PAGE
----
Mr. Riley’s curatorial perform started when he was selected to run the Arthur Ross Gallery at Columbia, an exhibition space devoted to architecture. His operate there drew the interest of Philip Johnson, who experienced launched the Museum of Modern-day Art’s architecture office. Mr. Riley was brought into the division and became the main curator for architecture and layout in 1991.
Later on in his tenure he aided get started the MoMA/P.S. 1 Younger Architects Plan, which showcased early-career architects. Specified little grants, the selected architects established immersive environments in the courtyard of the P.S. 1 Contemporary Artwork Middle in Extensive Island Town, Queens. The publicity, and the MoMA imprimatur, served start influential corporations like Store Architects and WORKac.
“It was his most ground breaking brainchild,” said Barry Bergdoll, a Columbia professor in architectural background who succeeded Mr. Riley as MoMA’s main architecture curator.
Mr. Riley left MoMA in early 2006 to turn out to be director of the Miami Art Museum (subsequently renamed the Pérez Artwork Museum). He lifted its profile with a sequence of properly-acquired exhibitions and embarked on an bold plan to construct a new dwelling for the museum subsequent to Biscayne Bay. He introduced in Herzog & de Meuron to structure it.
“Jaques Herzog advised me the authentic purpose he required to do this museum was to function with Terry,” explained Mary E. Frank, who was about to turn out to be the museum’s board president at the time.
The museum wanted to augment general public cash with a lot more than $100 million in non-public presents. But fund-raising lagged behind, and the project took years. At last, with programs in place, Mr. Riley stepped down in 2009, returning to the Miami place of work he had opened for his architecture apply.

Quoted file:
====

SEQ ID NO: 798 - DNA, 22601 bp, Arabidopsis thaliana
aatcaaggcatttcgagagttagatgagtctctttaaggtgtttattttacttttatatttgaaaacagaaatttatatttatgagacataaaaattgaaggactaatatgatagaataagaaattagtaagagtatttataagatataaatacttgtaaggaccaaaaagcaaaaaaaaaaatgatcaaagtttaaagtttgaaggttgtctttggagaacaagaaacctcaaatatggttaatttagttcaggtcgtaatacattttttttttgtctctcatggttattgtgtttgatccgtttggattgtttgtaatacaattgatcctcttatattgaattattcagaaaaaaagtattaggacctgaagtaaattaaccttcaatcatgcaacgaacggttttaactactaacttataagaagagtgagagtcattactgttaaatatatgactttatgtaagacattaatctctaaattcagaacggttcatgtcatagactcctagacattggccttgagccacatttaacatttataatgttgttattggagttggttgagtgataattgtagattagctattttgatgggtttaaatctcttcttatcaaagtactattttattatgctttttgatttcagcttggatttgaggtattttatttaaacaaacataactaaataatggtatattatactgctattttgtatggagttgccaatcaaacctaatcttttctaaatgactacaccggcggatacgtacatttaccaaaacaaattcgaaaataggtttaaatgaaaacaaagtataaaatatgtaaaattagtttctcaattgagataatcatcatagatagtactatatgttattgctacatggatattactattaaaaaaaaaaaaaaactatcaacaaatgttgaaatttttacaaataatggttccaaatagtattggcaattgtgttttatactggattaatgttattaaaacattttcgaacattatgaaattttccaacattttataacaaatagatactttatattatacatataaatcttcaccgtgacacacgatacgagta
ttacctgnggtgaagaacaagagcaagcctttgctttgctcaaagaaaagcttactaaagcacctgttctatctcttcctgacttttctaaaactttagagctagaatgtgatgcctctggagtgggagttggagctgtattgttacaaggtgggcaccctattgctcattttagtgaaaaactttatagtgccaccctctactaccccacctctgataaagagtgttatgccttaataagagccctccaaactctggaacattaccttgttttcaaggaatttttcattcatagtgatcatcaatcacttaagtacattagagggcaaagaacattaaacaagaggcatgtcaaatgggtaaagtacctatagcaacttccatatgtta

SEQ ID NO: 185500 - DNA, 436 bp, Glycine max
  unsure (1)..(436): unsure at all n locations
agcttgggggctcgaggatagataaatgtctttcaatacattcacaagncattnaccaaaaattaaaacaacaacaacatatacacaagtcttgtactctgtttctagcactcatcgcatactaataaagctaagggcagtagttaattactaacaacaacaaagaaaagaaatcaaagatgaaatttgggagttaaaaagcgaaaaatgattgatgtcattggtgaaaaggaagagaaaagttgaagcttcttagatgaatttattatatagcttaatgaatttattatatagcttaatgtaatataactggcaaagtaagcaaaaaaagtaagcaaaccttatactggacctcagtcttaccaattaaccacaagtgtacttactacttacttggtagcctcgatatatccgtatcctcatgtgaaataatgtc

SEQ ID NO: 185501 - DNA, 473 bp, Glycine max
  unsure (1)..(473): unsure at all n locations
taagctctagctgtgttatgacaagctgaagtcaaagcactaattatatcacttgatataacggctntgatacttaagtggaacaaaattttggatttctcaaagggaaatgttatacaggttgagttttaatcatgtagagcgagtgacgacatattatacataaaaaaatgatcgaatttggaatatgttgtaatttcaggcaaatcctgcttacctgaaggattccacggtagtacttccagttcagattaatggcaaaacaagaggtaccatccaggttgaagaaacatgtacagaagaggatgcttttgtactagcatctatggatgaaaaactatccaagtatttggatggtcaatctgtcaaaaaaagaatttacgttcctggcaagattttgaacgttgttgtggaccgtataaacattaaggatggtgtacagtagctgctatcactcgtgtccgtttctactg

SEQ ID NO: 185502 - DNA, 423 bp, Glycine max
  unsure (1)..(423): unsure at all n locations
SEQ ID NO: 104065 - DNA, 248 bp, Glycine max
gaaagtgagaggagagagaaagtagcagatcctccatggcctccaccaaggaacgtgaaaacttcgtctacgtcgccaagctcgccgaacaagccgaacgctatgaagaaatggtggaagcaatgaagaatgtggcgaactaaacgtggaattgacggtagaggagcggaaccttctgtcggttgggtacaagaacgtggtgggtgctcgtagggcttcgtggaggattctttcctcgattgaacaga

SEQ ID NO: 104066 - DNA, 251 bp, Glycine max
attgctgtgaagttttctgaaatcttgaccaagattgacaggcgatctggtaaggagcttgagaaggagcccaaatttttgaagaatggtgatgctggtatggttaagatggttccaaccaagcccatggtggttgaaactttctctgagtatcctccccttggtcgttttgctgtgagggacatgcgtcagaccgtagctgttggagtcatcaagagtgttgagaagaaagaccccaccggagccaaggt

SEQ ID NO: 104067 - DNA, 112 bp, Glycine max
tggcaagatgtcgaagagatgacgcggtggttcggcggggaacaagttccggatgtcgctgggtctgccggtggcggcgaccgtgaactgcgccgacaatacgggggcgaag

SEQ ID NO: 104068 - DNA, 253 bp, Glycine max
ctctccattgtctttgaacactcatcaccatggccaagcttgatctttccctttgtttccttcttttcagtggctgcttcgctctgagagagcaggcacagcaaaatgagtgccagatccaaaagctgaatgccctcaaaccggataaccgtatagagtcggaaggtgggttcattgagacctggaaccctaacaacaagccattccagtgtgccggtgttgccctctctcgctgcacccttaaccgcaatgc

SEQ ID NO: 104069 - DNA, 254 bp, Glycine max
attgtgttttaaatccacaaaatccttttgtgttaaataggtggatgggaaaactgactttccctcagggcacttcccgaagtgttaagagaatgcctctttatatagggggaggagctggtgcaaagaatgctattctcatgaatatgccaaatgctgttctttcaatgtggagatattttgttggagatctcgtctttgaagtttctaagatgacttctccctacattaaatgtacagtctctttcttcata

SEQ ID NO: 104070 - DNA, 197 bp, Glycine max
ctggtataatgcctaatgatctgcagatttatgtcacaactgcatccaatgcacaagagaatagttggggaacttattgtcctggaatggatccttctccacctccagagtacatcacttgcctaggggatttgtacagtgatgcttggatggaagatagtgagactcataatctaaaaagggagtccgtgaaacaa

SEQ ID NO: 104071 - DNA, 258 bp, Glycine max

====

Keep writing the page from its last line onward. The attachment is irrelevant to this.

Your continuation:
The Miami museum, at a value of $220 million, opened in 2013. Its style and design was striking for its wide concrete-beam roof overhangs latticed with wood from which lengthy tubes of plantings are suspended like light draperies. The overhangs and plantings secure glass walls and out of doors decks — beloved by the general public — from the searing sunshine.
The existing director, Franklin Sirmans, reported Mr. Riley had guided the architects in building a creating effectively suited to Miami.
“The building never imposes itself on you,” he explained. “It’s not a museum where you stand 56 inches away from a painting and just recognize. He envisioned a continuously energetic establishment, a local community heart that is related to our day-to-working day environment.”
Immediately after Mr. Riley remaining the museum, he and Mr. Keenen continued to operate on projects in Miami, together with with the developer Craig Robins, who required to channel the vitality unleashed by the Miami Artwork Basel artwork fairs. “Terry was the architect, but they have been also an alliance, scheming collectively,” stated Paola Antonelli, a senior curator at MoMA who remained close to Mr. Riley.
Via his firm, Dacra, Mr. Robins remodeled a neighborhood of nameless solution showrooms into the city’s Structure District, mixing artists with splashy designer boutiques and dining establishments. “He saw that artwork and style and design would be the new rock stars,” Mr. Keenen stated.
Keenen/Riley’s hottest project for Mr. Robins was the Museum Garage, whose facade is wrapped with exuberant decorative will work by architects curated by Mr. Riley.
“Terry loved layout, but he also loved the generally sophisticated procedure of having issues designed,” Mr. Keenen explained. “He experienced far more persistence than I at any time did, as perfectly as the intellect and men and women capabilities to see points through.”